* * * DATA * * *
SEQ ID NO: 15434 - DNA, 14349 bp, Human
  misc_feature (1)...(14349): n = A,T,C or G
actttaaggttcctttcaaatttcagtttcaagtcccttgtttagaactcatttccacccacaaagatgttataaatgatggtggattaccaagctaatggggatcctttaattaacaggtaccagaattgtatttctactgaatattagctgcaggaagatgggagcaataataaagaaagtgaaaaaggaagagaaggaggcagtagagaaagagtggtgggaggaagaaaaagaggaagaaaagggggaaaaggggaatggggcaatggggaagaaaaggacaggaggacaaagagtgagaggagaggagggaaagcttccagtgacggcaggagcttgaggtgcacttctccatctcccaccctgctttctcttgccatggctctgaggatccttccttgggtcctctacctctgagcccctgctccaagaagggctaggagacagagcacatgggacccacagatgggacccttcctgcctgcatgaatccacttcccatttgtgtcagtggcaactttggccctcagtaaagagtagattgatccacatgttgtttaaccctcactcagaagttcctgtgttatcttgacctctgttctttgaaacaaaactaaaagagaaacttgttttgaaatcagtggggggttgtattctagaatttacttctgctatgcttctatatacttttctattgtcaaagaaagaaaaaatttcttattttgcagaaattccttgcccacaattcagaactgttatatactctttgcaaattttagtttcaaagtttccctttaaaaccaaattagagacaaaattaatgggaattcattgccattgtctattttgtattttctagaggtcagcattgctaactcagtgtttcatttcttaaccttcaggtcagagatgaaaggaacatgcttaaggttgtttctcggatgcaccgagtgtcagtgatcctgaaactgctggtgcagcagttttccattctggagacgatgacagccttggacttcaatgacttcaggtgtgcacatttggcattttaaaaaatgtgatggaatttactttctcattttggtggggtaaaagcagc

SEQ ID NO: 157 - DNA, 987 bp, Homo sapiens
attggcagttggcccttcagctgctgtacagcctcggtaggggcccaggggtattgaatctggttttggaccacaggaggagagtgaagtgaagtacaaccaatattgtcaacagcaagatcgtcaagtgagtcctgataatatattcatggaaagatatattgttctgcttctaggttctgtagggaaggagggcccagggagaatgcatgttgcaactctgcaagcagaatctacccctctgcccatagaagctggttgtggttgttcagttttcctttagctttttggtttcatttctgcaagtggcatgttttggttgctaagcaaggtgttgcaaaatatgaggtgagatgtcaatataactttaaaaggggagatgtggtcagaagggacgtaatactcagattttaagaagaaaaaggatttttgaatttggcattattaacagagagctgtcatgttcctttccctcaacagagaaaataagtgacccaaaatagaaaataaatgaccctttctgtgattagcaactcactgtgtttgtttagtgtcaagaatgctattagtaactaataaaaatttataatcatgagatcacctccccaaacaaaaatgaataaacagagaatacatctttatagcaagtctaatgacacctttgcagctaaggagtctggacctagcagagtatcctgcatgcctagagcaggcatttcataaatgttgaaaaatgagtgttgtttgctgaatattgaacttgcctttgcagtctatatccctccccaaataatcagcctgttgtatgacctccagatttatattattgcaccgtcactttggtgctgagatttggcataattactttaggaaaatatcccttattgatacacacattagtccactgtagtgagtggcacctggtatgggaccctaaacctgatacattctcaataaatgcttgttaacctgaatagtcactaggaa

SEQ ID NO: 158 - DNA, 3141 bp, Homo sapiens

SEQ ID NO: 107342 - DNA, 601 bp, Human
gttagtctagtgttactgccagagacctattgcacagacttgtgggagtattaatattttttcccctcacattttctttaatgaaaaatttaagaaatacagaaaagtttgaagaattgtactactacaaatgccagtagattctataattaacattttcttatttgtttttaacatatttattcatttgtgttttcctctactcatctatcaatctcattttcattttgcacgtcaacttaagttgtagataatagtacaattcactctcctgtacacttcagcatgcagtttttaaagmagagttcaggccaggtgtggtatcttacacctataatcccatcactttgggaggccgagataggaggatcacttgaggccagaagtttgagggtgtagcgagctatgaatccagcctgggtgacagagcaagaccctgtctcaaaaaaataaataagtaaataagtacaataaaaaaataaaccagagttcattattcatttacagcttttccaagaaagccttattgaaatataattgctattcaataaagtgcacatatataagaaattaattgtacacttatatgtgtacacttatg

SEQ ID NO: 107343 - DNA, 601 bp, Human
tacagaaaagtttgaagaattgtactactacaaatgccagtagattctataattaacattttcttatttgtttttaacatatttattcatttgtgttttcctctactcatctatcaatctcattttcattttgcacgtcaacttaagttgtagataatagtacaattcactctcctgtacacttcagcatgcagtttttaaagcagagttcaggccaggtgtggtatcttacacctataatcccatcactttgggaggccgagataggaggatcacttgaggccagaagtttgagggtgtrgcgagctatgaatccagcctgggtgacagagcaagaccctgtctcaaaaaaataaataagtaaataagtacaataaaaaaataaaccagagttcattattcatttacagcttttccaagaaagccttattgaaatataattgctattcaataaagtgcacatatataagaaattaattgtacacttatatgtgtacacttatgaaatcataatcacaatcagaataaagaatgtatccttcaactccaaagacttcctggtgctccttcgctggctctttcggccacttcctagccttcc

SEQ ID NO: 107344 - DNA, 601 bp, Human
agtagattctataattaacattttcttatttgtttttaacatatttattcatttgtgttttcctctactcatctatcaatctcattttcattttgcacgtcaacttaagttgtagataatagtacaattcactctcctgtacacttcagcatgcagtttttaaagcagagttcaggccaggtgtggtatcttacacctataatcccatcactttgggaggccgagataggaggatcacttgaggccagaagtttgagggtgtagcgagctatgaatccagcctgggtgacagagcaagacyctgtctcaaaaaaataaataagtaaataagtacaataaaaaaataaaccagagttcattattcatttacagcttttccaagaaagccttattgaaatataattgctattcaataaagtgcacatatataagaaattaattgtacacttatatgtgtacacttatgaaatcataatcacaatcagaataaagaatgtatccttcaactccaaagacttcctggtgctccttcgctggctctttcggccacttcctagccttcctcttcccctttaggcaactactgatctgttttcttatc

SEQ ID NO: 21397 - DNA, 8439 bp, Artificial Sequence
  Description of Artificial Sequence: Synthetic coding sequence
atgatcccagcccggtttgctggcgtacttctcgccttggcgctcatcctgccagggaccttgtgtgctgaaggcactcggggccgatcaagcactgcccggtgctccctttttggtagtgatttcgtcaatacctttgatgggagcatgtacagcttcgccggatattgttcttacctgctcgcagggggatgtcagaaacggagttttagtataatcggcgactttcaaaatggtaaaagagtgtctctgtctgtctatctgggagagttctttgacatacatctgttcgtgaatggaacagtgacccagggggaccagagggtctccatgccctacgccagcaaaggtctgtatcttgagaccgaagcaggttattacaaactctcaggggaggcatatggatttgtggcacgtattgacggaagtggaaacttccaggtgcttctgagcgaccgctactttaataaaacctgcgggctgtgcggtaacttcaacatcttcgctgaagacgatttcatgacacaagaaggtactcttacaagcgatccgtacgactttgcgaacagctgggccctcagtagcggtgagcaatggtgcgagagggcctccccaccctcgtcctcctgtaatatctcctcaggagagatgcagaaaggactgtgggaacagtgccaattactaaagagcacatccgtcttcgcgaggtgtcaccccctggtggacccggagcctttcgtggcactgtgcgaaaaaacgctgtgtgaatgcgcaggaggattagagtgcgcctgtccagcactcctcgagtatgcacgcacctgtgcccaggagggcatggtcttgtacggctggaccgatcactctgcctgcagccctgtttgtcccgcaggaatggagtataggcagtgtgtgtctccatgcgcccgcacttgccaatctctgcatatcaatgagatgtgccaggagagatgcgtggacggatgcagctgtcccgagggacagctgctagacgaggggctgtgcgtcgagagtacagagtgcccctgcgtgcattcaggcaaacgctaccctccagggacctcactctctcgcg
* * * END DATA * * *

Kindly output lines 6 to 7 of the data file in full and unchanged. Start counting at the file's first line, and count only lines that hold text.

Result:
SEQ ID NO: 158 - DNA, 3141 bp, Homo sapiens

SEQ ID NO: 107342 - DNA, 601 bp, Human